Management to Facilitate Compliance with Global Conventions During Hazardous and Toxic Waste Cleanup Projects in Asia
|Institution:||The University of Waikato|
|Advisor(s):||Dr Frank Scrimgeour|
The management of hazardous and toxic waste projects in Asia (especially that related to intractable chemicals) has had a less than acceptable performance profile during the last 20 years. There have been numerous documented cases of management and systems failures in intractable chemical recovery projects, despite the establishment of global conventions designed to avoid such problems.
A research programme was undertaken with the aim of producing a management model for companies to help prevent such failures in the future. The research began in the field with an exploration of management culture and its impact on project management. This involved multiple visits to five Asian countries and interviewing people involved in intractable waste management at both strategic and operational levels and reviewing project records. Personnel in government departments, particularly the “competent authority”, were interviewed to gain insights into the applied management culture within the five countries studied.
The various international conventions or regulations regarding hazardous waste and its management, were researched for their interdependence and effectiveness. The research concentrated on the “Management Plans” or “Environmental Management Systems” that reside within these conventions in order to establish a benchmark of expectation concerning standards of management and organisation that would be required of a member state to discharge its obligations under the conventions. This work involved the author attending several meetings and conferences of the parties to the UNEP Basel Convention, as well as attendance at many Technical Working Groups over several years.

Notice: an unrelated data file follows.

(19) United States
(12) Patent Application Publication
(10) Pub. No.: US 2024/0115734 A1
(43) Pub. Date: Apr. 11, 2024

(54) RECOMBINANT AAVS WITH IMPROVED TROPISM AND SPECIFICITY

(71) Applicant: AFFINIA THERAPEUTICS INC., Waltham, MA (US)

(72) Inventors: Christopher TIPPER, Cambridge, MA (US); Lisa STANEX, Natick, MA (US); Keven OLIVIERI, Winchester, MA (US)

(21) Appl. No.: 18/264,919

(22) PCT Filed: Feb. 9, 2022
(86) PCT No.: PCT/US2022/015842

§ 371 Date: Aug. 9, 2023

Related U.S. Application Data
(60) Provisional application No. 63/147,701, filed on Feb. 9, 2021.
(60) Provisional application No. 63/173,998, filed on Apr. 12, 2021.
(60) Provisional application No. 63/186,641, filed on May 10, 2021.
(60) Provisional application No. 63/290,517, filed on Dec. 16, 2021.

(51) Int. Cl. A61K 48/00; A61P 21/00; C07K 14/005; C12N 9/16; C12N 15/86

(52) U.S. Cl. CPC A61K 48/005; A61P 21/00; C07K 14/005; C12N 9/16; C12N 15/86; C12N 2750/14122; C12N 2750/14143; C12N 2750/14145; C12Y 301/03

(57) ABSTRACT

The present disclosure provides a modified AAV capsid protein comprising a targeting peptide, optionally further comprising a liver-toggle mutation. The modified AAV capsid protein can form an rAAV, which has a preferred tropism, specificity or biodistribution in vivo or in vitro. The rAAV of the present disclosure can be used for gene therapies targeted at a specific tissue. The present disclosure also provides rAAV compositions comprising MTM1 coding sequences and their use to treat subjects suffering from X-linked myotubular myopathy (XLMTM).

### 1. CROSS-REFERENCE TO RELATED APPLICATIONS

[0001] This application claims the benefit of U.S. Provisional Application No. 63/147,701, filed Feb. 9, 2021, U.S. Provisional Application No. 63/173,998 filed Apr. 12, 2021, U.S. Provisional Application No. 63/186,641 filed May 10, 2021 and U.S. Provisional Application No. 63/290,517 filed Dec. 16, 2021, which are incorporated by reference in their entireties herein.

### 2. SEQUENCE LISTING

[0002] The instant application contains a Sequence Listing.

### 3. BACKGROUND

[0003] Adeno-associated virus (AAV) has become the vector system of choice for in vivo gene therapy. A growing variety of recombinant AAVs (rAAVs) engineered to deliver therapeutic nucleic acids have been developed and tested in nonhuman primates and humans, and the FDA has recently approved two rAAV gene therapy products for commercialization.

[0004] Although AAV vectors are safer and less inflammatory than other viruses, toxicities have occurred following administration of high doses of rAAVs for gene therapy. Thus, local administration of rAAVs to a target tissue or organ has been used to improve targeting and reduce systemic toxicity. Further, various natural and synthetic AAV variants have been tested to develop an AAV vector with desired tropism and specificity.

Complexity theory and uncertainty theory, along with emergent theory and innovation adoption theory were researched. The outcome of this research clearly suggested that a multidimensional matrix-based approach could be successful in providing companies with a strategic management model that, if applied, could enable them to manage large scale intractable projects effectively in compliance with the conventions. The hypothesis of this work is that Duncan’s matrix model can be reverse applied to the external environmental elements and components, combined with the mutual adaptation model (i.e.: technology/organisational mutual adaptation), therefore establishing an integrated multidimensional model of adaptation.
The mutual adaptation approach was subsequently used to frame a series of questions that formed the basis of four field surveys. These surveys were applied at different times over a five year period, covering ten projects in China and Taiwan, and involving interviews with a total of 100 executives, who were asked a total of 96 questions across the four surveys, resulting in 9600 responses. The first two surveys were conducted close together in time with the third and fourth later in the process and thus could be considered retrospective. The respondents included project managers, engineers, technicians, company accountants, marketing managers and site leaders.
The data collected validated the hypothesis and established that complexity management was an element of those companies that successfully adopted external technology and systems and in fact were also engaged in reversing the technology back to the originators. The data also indicated that those companies not engaging in complexity management were not reversing technology adoption. An integrated mutual adaptation model was developed from the characterisation matrices and consequently a two-dimensional model of singularity. The final singularity model can be applied at an organisation’s strategic level, so as to provide an organisational capacity for compliance with environmentally sound management practices as demanded by the international hazardous waste conventions.